Sometimes, it backfired. There was a story circulated among preachers, particularly the tobacco users, of once when a preacher and Brother Douglas were walking together and the preacher pulled out a cut of 'Star-Navy' sliced off a bit and put it in his mouth. Brother Douglas delivered the message on how even a hog wouldn't eat it and the preacher looked at him and said, Do you mean that, Brother Douglas? Brother Douglas replied that he did. Well, the preacher proposed, let's see. Accordingly they went to a hog pen and the preacher proceeded to cut off a portion and threw before the hog, The hog smelled it, turned it over, and left it. Brother Douglas said, "You see." The preacher turned and answered, "Brother Douglas, what makes you and a hog so much alike, anyway?" He took it good-naturally enough.
Once he carried the mail from Jonesboro to Gilkerson and on down to old Red school. He stayed often with Brother J. H. Hamilton. He would always hunt up Brother Hamilton's pipe and hide it. Then Brother Hamilton got to hiding his pipe before Brother Douglas arrived. Brother Douglas would search for it and keep it until he left if he found it.
Brother Douglas was conducting a meeting in Lawrence County somewhere near Minturn when he met a widow by the name of Tennessee (Tennie) Wooster. Being himself a widower, he found she appealed to him strongly but had no idea how she would react to him calling on her. He got her grandaughter to carry a note from him to her, inquiring if he could call. The result was their marriage and the making of a happy home.
At the turn of the century, this grand old pioneer lived at Center, a stronghold of the church in Sharp County. He preached there and throughout the County. He held many meetings in the area and baptized lots of people. Early in the century he moved to Paragould where he lived until his death.
In April 1919 he had published by the Christian Literature Depository Print of Goal Hill, Arkansas, a leaflet on the "Evils of the Tobacco Habit." Brother J. H. Whisnant said, "It affords me great pleasure to publish and assist in the distribution of his leaflet against the evils of the tobacco habit. To be with Brother Douglas is to know a life free from obnoxious and nauseating habits is the life for a Christian to live."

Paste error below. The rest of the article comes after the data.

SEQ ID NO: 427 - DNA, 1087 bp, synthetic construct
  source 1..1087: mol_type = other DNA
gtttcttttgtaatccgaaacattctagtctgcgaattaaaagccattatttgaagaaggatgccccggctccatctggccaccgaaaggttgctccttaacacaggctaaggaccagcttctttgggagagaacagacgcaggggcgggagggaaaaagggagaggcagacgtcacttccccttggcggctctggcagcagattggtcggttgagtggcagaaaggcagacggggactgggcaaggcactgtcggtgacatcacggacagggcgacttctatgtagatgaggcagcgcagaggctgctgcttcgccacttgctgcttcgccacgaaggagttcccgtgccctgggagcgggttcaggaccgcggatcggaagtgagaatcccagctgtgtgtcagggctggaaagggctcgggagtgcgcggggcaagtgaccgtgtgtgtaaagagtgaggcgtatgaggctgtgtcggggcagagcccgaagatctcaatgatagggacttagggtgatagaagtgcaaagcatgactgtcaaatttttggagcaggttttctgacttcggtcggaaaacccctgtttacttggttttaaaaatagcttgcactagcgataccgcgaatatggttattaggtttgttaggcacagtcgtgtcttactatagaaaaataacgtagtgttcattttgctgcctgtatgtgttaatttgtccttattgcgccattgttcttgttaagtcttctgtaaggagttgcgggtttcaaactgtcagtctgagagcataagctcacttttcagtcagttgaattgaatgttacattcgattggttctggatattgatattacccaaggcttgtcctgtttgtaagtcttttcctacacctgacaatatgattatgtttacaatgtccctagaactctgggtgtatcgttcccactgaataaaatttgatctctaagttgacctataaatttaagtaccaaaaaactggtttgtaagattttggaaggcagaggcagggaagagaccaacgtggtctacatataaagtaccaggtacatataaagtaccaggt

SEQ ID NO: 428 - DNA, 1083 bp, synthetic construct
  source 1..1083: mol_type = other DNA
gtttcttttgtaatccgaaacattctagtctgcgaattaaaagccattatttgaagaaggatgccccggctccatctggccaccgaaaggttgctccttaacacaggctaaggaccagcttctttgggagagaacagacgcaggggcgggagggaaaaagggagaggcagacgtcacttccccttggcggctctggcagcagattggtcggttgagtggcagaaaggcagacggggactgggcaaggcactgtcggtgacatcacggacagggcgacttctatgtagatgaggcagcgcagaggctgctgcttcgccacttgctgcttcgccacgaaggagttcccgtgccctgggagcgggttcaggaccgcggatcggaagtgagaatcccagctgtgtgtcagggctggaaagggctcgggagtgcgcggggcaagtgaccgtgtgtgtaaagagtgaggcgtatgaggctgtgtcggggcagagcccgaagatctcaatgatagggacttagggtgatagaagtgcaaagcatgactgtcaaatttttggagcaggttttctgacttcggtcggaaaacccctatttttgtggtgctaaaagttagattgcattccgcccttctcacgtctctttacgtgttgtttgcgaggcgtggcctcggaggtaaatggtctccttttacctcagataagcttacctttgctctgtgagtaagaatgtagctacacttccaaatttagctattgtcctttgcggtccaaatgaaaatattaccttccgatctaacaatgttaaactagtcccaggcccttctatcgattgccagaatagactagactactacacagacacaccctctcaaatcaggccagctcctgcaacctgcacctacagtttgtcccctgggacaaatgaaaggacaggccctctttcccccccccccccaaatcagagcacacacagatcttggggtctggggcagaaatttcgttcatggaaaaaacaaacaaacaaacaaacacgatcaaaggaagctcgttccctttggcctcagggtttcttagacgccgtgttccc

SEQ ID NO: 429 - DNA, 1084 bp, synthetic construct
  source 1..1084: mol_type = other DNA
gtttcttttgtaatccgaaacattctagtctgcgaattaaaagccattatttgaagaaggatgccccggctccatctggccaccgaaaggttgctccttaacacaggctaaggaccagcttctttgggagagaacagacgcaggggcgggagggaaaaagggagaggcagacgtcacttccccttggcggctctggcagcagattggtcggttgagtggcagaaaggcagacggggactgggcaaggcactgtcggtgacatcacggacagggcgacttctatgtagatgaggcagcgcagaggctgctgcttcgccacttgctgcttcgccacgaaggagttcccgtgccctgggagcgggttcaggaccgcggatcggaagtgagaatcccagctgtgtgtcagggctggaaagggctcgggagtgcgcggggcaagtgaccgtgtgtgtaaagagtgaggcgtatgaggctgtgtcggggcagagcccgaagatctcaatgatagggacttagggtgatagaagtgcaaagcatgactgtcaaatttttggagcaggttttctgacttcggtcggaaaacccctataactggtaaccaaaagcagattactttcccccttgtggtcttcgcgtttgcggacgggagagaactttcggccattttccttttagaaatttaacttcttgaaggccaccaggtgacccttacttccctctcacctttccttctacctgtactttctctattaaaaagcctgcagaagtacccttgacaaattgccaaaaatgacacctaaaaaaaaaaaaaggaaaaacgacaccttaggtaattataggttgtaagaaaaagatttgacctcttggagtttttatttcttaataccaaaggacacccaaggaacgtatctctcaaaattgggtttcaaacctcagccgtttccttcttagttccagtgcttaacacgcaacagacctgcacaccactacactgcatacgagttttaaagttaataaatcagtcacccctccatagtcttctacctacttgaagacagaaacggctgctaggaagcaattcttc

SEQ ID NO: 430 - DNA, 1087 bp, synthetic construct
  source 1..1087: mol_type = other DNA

The grim reaper took him from his tabernacle of flesh, at his home, 521 East Lake Street, Paragould, Arkansas, on August 29, 1922 to the house eternal not made with hands. The body was buried in Linwood Cemetery of that city.
-Arkansas Angels, Boyd E. Morgan, pages 3-7
Early Gospel Preacher In Greene County, Arkansas
Location Of The Grave Of Alexander Douglas
Alexander Douglas is buried in Linwood Cemetery in Paragould, Arkansas. Paragould is located in the Northeast section of Arkansas in Greene County. From Memphis, Tennessee head north on I-55 into Arkansas. Take Exit 23, Hwy. 63 toward Jonesboro. In Jonesboro, take Hwy 49 north to Paragould. As Hwy. 49 intersects with Hwy. 412 in downtown Paragould you will see the Linwood Cemetery on your right. Turn right and enter the main entrance of the cemetery. Travel up the hill until you are even with the large mausoleum at the top of the hill on the left. Back to your right look for the sign ORIG ADD, and head down the grass access lane back toward Hwy. 49. On the left you will see a concrete curb. Nearly against the curb (to the east) will be the Douglas plot.
N36º 03'047" x W 090º 30'283"
Block 2 Lot 8 Space 3
Photos Taken By C. Wayne Kilpatrick In November, 2014
A Bit Of Trivia: While in the
Linwood Cemetery be sure to visit the grave of the infamous gangster
and bank robber, Frank Nash.
He was slain during a failed attempt to help him escape custody during the Kansas City Massacre in June, 1933 by "Pretty Boy" Floyd.
The grave is in the family plot in the mausoleum that stays locked. Someone at the city hall will need to be contacted to get access.
Nash had no known connection with the Restoration Movement.